I don't know how to end the whole Phelps "God Hates XYZ" nonsense. If anybody figures it out, I'm all ears. In the mean time, though, I'll pray morning, noon, and night for the Phelps family and do my best to trust the Lord to deal with them as He sees fit. Join me…?

Are We Too Enraptured with the Rapture?

I believe that Jesus is coming back. I look forward to that glorious day.

I am not completely convinced it will be in the next years, or even decades. I am even less confident that a rapture will take place. (This probably comes from years of hearing from the “experts” that Jesus was coming back before this year or that, and that the entire mystery of The Revelation had been revealed to these experts, only to see them fail time after time. It gets tiring and I am a little jaded. A rapture might happen, but if it doesn’t, I’m OK with that.)

But I am absolutely convinced of His Second Coming. I think The Revelation is clear about that at least.

Now for argument’s sake, let’s say He will return shortly and that there will be a rapture and that there will be seven years of not-so-fun times to follow. Here is a problem I see in today’s American Church.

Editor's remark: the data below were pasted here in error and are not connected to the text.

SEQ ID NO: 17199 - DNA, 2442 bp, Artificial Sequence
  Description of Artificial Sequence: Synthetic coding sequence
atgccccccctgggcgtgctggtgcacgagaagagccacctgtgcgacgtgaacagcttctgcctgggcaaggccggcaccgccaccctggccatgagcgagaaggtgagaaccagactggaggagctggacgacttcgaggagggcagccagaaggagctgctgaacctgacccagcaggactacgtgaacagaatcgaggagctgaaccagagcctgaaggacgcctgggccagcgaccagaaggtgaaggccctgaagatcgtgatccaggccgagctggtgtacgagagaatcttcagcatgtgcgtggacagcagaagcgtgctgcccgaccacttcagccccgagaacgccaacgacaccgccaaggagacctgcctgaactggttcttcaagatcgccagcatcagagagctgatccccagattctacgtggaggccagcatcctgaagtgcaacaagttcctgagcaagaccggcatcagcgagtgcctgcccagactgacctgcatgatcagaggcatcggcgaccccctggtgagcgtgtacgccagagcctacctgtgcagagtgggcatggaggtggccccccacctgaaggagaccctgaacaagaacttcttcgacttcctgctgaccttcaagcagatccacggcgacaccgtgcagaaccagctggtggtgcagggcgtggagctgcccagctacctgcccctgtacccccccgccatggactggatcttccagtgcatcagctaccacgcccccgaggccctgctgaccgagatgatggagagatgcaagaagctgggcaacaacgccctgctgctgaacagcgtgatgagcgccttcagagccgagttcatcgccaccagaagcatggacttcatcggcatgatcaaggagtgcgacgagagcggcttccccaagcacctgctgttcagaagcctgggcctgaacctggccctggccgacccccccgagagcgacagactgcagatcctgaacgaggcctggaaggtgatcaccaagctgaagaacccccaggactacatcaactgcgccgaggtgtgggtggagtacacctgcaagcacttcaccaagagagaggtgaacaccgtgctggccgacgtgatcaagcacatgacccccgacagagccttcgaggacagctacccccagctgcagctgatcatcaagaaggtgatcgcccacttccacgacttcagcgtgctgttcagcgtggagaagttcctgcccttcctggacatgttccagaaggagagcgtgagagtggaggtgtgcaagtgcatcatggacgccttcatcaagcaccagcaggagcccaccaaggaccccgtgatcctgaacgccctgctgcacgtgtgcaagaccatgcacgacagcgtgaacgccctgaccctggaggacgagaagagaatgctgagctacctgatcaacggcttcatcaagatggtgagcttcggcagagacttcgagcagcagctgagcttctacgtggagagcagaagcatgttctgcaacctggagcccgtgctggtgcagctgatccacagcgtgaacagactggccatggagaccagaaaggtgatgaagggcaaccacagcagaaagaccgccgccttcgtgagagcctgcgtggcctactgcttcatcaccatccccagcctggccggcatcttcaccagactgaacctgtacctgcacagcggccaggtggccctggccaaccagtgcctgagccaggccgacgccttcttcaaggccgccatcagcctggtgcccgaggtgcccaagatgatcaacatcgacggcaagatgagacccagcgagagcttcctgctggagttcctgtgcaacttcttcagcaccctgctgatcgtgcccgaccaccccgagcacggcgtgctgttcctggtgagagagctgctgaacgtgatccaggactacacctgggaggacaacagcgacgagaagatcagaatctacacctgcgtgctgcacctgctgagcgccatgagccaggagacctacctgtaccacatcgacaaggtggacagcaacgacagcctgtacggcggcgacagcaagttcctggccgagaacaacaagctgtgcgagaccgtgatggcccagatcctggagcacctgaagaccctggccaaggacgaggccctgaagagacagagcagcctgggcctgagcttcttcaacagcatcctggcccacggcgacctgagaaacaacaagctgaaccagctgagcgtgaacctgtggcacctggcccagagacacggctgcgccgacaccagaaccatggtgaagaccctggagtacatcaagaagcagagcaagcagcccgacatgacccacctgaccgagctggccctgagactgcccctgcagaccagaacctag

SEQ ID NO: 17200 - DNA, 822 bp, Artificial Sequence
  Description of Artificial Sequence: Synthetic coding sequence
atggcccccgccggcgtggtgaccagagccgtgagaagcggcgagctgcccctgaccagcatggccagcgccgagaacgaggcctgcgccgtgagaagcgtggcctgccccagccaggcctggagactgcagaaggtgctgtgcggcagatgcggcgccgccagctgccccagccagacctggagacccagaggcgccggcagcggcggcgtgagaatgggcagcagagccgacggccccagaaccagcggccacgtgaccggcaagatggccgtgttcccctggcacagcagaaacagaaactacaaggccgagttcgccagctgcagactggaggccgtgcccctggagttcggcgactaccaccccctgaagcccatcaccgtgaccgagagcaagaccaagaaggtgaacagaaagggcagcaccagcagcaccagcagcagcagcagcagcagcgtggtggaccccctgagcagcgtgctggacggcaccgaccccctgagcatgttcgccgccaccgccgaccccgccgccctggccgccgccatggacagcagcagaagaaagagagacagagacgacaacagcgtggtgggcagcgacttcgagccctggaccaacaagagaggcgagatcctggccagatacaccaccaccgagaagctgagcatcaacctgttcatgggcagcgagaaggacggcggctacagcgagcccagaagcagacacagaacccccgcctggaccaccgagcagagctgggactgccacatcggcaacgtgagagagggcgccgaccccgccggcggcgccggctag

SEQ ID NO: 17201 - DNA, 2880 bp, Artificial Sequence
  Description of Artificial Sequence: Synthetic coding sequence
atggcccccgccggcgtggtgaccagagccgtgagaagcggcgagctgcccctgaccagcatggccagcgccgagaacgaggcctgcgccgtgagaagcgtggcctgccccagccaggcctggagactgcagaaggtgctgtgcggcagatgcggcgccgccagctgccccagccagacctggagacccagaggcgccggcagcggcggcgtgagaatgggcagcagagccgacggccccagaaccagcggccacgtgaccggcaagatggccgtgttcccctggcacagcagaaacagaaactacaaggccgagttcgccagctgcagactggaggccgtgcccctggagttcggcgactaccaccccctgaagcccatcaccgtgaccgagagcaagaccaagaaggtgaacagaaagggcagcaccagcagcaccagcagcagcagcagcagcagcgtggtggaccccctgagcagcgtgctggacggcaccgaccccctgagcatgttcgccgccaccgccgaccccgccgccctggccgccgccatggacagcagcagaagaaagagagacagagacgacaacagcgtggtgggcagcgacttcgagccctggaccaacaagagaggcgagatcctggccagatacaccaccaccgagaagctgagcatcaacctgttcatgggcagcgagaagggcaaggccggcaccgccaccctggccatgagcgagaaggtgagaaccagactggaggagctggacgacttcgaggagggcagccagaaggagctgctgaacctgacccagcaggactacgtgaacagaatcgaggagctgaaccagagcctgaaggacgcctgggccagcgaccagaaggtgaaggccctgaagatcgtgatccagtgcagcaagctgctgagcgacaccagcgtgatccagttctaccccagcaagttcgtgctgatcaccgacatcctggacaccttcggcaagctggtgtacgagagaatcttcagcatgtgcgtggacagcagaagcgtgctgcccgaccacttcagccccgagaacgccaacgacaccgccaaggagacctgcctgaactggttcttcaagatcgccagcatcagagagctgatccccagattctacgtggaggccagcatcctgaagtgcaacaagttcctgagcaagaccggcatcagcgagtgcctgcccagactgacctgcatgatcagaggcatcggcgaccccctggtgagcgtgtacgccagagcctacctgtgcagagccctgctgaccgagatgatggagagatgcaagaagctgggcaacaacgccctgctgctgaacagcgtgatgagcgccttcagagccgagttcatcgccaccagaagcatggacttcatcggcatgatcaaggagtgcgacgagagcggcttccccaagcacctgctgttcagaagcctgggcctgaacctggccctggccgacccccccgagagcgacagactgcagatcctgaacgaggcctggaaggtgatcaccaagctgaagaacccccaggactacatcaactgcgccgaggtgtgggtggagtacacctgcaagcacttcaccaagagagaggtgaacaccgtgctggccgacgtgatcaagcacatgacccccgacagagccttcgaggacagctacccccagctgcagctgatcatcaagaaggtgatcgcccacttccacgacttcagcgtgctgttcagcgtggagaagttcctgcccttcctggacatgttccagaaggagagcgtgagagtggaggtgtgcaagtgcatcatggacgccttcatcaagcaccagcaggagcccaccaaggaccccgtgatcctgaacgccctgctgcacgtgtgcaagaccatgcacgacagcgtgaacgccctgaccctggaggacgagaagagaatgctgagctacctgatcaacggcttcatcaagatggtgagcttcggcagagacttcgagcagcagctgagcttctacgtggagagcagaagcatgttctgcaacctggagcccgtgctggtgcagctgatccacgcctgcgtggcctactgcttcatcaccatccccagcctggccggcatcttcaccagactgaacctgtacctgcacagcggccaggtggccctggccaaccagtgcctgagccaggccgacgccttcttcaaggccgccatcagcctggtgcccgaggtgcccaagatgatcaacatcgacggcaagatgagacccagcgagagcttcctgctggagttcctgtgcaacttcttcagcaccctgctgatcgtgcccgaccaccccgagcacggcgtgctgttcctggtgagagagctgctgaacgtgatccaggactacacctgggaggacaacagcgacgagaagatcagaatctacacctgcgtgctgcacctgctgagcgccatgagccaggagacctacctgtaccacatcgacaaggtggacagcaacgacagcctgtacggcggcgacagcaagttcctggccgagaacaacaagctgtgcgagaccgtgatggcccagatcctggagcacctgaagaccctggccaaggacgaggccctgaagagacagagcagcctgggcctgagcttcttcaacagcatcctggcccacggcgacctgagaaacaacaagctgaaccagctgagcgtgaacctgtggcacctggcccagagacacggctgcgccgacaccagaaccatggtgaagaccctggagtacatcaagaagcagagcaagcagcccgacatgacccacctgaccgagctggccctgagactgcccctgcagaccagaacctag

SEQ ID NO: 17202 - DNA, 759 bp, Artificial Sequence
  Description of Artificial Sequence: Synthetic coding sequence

They are too excited about it.

Now I’m not saying that the Lord’s return is nothing to get excited about. It is - absolutely. I just have problems with the attitude that seems to say, “See you, suckas! We are out of here!!! Where’s my new body?!”

The problem I have is that I think we should have a heart that is torn between being taken away to be with Him and one that wants to stay and help. For the last 30+ years I get this feeling that most American Christians have their eyes totally focused on diving into the lifeboats before that ship goes down, forgetting there are people about to go through hell as the ship sinks.

I wonder how many of us would be conflicted if we found out He was coming back tomorrow. Would we have bags all packed and at the door (figuratively) or would we dare to say to Him, “Lord, if it is your will, can I stay and help? Can you use me to further your kingdom during these awful times by having me stay behind? Because I am willing.”

Because I think He might be greatly pleased with the heart that volunteers to stay - and suffer - to save those who are lost. Like He did with us.

Something to think about.